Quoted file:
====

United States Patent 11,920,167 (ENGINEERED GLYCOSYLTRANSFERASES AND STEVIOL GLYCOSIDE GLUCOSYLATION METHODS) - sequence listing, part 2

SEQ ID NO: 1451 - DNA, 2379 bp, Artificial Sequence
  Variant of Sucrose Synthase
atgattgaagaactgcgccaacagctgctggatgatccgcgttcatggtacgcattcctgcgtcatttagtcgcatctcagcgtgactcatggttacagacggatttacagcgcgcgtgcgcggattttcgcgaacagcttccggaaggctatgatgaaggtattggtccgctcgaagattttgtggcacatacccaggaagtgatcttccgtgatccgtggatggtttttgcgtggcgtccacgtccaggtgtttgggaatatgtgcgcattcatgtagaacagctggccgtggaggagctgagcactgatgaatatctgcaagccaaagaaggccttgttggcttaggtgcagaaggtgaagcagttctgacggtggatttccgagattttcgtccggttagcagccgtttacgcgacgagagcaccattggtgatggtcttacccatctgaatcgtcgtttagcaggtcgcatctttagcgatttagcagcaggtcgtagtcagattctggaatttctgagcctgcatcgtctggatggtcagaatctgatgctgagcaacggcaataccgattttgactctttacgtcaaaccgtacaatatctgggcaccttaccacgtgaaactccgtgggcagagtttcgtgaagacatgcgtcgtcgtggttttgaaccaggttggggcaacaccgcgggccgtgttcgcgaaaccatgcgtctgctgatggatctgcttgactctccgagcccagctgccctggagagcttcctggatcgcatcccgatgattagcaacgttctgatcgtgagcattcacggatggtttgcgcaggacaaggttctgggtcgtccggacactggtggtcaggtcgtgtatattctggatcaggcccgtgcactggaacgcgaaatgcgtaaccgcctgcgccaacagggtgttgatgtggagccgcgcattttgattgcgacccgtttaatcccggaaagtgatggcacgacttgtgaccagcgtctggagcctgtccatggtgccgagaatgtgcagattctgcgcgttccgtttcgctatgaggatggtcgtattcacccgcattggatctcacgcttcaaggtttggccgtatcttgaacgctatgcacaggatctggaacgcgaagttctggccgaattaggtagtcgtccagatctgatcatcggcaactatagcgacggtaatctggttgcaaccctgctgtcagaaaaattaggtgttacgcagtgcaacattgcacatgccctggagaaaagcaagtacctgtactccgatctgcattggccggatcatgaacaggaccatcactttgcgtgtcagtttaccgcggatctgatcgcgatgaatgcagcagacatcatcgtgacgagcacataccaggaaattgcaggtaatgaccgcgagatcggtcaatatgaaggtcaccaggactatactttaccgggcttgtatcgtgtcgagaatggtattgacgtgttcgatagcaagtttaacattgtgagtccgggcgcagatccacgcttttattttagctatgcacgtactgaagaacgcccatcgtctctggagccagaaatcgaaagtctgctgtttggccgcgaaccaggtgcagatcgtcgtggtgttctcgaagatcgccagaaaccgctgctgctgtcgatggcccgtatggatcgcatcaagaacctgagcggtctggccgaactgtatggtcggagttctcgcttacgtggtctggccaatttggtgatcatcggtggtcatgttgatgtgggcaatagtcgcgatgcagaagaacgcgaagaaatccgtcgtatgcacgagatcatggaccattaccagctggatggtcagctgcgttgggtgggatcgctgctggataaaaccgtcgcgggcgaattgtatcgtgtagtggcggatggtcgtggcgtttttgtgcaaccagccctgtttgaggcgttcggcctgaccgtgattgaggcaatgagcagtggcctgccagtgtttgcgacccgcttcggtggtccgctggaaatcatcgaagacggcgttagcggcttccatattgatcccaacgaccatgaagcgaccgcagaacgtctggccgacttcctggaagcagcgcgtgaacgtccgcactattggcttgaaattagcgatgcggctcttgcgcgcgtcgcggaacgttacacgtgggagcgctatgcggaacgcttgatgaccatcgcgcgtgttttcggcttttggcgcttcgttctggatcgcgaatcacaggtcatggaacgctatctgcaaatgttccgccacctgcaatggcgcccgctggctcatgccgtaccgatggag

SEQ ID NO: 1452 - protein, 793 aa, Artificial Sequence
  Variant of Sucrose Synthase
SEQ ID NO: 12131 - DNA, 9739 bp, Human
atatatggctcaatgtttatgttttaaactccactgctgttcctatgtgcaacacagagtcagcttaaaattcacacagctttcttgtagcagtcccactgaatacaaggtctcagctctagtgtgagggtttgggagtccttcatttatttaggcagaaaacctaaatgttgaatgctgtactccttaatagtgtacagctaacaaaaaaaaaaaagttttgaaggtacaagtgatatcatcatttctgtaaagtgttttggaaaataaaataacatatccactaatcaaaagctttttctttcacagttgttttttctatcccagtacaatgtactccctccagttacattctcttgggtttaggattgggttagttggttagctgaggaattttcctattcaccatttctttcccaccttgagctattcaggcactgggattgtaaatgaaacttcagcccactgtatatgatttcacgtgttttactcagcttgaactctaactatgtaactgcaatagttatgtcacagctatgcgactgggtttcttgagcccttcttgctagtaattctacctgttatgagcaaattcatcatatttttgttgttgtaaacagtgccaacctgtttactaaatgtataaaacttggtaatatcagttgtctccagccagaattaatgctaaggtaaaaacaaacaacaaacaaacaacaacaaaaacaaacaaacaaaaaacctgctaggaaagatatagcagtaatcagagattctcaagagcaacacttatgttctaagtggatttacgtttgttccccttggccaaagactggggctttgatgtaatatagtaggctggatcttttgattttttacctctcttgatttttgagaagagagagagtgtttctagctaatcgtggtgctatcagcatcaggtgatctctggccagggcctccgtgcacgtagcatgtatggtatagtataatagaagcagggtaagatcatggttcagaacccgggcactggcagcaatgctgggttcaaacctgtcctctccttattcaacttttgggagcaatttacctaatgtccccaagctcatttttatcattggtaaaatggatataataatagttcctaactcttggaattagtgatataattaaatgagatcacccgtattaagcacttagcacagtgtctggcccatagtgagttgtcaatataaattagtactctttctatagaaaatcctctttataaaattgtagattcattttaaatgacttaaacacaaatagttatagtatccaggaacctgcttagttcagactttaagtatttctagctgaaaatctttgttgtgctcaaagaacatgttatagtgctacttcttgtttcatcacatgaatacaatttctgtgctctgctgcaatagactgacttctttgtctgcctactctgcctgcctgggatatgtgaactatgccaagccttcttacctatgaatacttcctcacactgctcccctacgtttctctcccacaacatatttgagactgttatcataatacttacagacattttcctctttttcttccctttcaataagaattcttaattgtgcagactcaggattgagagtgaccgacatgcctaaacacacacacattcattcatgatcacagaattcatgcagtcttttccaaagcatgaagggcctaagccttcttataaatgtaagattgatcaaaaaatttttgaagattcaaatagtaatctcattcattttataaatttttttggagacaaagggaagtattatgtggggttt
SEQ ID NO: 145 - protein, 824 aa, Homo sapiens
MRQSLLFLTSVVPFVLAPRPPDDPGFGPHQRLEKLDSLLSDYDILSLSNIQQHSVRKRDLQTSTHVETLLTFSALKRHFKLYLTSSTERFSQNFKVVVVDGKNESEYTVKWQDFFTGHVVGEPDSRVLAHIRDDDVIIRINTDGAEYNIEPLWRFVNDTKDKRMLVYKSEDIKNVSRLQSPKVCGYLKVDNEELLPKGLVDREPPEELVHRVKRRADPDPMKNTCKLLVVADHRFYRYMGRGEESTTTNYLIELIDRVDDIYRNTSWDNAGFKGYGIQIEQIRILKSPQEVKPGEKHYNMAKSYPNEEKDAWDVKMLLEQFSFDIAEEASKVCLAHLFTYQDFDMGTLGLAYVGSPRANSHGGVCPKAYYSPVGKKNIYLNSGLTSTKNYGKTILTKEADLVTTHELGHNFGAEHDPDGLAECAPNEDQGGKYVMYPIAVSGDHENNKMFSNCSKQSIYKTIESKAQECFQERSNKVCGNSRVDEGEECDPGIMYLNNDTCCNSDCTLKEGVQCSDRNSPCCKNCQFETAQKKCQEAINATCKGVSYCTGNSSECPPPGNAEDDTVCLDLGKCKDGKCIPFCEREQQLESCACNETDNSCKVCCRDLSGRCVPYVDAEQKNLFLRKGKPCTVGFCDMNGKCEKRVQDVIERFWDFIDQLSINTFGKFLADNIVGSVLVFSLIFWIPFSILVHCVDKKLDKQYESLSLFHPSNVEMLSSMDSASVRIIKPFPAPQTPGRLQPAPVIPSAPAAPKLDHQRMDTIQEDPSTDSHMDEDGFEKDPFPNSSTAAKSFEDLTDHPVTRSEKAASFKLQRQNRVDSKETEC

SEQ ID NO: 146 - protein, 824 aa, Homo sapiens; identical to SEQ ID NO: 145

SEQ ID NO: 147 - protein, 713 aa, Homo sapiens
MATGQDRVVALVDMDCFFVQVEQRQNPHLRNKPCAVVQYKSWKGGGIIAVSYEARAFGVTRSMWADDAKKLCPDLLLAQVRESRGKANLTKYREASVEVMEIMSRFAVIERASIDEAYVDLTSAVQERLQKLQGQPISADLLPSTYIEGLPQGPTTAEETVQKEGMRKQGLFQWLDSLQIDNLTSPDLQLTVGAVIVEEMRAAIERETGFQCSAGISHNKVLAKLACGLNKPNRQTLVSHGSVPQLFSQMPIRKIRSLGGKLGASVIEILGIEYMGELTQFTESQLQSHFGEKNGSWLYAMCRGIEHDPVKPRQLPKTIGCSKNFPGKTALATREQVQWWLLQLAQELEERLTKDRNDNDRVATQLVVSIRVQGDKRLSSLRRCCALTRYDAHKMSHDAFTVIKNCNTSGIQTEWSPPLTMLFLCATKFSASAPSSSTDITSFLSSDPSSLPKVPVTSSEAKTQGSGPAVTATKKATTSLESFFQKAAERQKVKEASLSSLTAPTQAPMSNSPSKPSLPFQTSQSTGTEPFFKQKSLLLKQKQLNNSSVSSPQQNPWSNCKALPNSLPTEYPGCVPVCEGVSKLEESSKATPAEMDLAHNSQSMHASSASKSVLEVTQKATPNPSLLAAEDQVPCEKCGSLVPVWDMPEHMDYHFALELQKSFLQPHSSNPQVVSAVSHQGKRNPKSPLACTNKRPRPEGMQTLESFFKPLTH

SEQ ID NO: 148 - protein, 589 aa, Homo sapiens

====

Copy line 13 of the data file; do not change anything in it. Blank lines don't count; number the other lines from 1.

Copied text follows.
MATGQDRVVALVDMDCFFVQVEQRQNPHLRNKPCAVVQYKSWKGGGIIAVSYEARAFGVTRSMWADDAKKLCPDLLLAQVRESRGKANLTKYREASVEVMEIMSRFAVIERASIDEAYVDLTSAVQERLQKLQGQPISADLLPSTYIEGLPQGPTTAEETVQKEGMRKQGLFQWLDSLQIDNLTSPDLQLTVGAVIVEEMRAAIERETGFQCSAGISHNKVLAKLACGLNKPNRQTLVSHGSVPQLFSQMPIRKIRSLGGKLGASVIEILGIEYMGELTQFTESQLQSHFGEKNGSWLYAMCRGIEHDPVKPRQLPKTIGCSKNFPGKTALATREQVQWWLLQLAQELEERLTKDRNDNDRVATQLVVSIRVQGDKRLSSLRRCCALTRYDAHKMSHDAFTVIKNCNTSGIQTEWSPPLTMLFLCATKFSASAPSSSTDITSFLSSDPSSLPKVPVTSSEAKTQGSGPAVTATKKATTSLESFFQKAAERQKVKEASLSSLTAPTQAPMSNSPSKPSLPFQTSQSTGTEPFFKQKSLLLKQKQLNNSSVSSPQQNPWSNCKALPNSLPTEYPGCVPVCEGVSKLEESSKATPAEMDLAHNSQSMHASSASKSVLEVTQKATPNPSLLAAEDQVPCEKCGSLVPVWDMPEHMDYHFALELQKSFLQPHSSNPQVVSAVSHQGKRNPKSPLACTNKRPRPEGMQTLESFFKPLTH